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License for Anything

License for anythingThe Government's leap into bed with the pub and brewing companies conceived the new 'all night' licensing laws, together with a new regime to manage them. Local Councils now have a much greater role in this, and magistrates a much smaller one.

Prior to the Licensing Act 2003, applications for an alcohol license were heard as part of the judicial system by magistrates. The new arrangement sees the duty transfer to the local council, together with the introduction of licenses for take-aways wanting to open after 11pm.

However, when considering the applications, Fylde's licensing committee sees its role not as elected councillors, but as an independent body, balancing the needs of commerce and the community. This itself is another dangerous step along the road to have us managed and led (rather than represented) by those we elect. 

People living close to the nightclubs in St Annes have a dreadful time of it at weekends with the present situation. Those of us that are further away have less of a problem, but at the weekend, we still find ourselves being woken from sleep in the small hours every 15 minutes or so, as groups and individuals who have lost control of their volume (and worse) stagger home full of drink or drugs.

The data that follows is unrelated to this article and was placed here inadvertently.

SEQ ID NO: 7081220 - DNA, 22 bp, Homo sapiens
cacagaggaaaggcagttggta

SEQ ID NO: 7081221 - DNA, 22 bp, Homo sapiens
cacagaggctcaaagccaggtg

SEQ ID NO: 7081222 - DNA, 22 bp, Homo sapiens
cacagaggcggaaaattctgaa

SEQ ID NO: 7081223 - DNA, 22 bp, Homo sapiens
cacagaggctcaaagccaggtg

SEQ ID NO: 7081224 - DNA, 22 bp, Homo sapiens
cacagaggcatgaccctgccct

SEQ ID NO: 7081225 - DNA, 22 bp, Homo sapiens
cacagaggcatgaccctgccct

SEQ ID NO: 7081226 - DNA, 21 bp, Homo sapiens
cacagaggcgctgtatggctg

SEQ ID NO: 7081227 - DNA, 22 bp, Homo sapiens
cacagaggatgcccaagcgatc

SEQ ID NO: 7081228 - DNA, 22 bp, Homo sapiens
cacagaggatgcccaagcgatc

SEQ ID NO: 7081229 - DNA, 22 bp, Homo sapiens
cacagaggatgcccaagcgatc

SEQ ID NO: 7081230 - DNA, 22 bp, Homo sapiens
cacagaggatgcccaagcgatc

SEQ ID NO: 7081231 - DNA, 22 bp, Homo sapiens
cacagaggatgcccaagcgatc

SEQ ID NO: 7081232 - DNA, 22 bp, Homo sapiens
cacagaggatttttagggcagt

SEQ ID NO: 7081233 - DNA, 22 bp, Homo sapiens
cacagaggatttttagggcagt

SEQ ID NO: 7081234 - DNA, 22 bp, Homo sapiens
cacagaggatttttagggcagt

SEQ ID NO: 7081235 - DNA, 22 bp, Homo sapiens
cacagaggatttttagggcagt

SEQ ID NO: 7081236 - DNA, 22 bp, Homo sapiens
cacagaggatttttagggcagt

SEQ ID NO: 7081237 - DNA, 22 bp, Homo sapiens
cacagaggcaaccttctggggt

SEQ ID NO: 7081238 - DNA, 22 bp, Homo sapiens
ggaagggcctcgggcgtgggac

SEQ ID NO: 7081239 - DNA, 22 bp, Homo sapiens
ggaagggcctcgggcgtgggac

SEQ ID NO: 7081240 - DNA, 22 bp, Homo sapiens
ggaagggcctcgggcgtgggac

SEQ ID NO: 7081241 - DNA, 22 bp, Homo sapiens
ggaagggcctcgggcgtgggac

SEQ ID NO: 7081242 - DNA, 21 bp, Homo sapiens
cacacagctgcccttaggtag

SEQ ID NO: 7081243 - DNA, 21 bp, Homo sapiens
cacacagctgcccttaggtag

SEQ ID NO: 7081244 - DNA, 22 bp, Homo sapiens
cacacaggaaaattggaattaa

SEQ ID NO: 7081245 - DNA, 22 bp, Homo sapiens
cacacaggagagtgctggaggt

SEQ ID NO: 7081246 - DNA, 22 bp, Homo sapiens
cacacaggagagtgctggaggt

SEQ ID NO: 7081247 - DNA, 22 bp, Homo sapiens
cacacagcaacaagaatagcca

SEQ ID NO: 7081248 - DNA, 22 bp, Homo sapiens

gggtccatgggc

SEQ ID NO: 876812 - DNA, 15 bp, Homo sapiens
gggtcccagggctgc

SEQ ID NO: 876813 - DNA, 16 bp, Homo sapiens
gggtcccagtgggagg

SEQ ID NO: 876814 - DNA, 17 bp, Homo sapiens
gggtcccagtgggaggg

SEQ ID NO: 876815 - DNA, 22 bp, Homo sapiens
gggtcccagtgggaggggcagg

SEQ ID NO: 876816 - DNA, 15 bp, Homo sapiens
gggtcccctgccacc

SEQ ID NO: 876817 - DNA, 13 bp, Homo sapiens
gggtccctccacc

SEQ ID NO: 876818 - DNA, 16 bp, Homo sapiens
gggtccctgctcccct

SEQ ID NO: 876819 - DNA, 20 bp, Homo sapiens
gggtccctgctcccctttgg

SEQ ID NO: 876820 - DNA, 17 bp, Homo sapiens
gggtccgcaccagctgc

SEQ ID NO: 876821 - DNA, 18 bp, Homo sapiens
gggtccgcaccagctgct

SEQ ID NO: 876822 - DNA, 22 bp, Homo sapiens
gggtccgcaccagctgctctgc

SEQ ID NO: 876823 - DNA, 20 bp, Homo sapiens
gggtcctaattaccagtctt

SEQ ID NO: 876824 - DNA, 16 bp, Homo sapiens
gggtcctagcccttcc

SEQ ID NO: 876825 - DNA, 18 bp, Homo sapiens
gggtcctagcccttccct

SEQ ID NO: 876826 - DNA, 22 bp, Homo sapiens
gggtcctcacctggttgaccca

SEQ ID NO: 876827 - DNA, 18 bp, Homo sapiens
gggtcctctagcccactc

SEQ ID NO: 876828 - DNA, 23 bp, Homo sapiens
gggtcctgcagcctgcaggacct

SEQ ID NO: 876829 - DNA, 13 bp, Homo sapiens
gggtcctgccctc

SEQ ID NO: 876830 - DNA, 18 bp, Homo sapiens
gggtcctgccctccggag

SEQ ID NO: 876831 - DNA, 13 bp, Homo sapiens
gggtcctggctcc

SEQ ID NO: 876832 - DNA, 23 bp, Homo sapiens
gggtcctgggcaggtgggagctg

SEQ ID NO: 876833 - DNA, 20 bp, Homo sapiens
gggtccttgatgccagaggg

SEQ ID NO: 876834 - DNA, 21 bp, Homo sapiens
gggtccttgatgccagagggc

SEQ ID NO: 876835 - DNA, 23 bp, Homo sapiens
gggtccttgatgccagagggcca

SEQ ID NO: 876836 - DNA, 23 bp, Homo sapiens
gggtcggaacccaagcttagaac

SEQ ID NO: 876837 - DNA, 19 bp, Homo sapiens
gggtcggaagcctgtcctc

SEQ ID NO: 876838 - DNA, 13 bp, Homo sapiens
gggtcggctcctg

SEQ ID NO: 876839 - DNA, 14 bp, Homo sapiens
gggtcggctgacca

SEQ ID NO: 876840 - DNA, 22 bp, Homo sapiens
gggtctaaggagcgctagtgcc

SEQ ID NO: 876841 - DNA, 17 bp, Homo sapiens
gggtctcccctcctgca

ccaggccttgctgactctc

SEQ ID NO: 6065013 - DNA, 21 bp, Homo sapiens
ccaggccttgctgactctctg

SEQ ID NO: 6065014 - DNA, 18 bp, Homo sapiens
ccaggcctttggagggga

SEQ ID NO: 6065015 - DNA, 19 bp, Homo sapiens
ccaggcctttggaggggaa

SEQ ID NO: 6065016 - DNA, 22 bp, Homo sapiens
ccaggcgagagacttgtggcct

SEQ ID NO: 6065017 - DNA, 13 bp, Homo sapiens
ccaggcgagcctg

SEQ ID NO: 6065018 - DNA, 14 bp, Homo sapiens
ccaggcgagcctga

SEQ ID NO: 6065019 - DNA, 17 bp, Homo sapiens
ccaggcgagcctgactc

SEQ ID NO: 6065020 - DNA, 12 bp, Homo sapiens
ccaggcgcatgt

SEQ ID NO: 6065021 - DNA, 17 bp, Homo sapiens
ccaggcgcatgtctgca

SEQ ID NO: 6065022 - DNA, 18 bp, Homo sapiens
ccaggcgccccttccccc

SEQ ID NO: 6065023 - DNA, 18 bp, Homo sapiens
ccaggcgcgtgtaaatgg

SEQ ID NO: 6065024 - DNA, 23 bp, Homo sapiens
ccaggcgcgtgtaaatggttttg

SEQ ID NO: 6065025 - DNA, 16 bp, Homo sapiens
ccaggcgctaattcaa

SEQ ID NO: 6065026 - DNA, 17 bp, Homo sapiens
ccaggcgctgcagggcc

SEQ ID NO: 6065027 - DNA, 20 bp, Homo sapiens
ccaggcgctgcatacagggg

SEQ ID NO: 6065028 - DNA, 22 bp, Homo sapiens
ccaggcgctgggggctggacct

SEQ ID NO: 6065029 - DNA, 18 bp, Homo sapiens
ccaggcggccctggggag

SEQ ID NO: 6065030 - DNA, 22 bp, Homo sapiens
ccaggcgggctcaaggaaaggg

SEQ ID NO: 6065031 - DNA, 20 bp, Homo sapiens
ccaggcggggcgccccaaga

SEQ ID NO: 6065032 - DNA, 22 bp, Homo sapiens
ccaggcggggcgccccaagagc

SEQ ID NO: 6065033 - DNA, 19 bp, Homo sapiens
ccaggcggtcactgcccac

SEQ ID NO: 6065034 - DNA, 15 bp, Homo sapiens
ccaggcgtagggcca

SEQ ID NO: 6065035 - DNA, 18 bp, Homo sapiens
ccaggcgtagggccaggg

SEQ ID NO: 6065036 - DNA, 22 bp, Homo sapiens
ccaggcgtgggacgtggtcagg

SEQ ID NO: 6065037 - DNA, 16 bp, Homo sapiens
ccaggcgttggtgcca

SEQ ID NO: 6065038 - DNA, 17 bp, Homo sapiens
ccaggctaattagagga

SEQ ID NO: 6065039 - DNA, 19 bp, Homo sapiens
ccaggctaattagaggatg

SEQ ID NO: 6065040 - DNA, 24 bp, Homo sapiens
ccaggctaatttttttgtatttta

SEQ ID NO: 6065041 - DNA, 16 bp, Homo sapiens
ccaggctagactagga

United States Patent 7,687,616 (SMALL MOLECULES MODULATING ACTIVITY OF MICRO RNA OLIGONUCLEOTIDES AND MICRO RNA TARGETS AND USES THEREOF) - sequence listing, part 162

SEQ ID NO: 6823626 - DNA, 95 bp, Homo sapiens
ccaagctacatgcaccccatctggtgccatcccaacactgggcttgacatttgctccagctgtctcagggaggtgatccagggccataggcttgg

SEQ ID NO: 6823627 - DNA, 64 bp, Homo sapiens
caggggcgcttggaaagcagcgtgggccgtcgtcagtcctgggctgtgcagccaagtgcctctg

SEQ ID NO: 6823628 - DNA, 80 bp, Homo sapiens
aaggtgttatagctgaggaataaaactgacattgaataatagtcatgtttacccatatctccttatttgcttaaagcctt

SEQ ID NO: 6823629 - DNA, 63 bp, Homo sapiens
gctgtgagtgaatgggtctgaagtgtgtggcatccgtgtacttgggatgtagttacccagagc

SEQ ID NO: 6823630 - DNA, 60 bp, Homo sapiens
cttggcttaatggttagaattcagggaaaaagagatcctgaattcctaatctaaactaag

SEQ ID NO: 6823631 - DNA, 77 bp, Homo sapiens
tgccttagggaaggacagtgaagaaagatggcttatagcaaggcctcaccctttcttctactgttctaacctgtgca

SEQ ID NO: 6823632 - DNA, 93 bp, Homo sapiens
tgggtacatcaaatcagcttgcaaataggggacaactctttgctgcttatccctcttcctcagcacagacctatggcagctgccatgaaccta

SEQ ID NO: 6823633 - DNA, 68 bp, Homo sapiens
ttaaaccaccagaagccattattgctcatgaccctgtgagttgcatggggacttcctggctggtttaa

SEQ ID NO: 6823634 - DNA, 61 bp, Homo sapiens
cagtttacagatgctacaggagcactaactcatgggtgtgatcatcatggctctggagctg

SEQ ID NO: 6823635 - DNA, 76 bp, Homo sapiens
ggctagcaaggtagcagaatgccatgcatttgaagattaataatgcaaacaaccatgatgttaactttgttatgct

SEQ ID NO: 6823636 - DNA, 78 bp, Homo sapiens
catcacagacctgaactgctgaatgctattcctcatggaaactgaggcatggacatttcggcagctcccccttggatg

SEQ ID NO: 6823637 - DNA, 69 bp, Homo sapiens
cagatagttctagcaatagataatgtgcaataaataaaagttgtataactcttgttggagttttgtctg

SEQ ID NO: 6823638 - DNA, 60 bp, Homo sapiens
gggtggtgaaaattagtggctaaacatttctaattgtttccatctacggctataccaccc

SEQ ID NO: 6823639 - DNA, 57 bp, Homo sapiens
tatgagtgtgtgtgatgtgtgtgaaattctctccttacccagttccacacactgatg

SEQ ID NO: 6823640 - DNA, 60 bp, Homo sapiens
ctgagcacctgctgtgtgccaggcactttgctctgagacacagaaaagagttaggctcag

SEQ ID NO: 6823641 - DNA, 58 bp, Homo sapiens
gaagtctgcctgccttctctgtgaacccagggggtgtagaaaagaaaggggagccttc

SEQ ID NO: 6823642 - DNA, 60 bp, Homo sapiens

We now find that two of the three nightclubs want to open until 3 am or later. The Licensing Committee, trying to be fair to all (sic) adopted what they saw as a compromise position. Instead of allowing opening to 3 am every night, they restricted the 3am opening to the nights toward and at the weekend.

Yes, really.

Now, of course, the local takeaways want to open until the same sort of time. A video exists that would shock most readers. It shows the area around the takeaways at 2am being busier than the town centre on a Saturday morning. Police cars and vans thread their way through the crowds that fill the roadways.

There are two issues to be considered here. First, why any activity should  need a license, and secondly, whether St Annes needs a 'night time economy' - as opposed to say, an 'evening economy'

1. What's the Point of Licensing
The requirement to apply for any licence exists because the action to be undertaken is potentially harmful. It would otherwise not be deemed to require regulation.

Thus the principle underlying the granting of licence must be to prevent or restrict the ability of entities to cause actual harm. 

It is therefore entirely illogical to approach licensing from a liberal or permissive perspective when its role is prevention.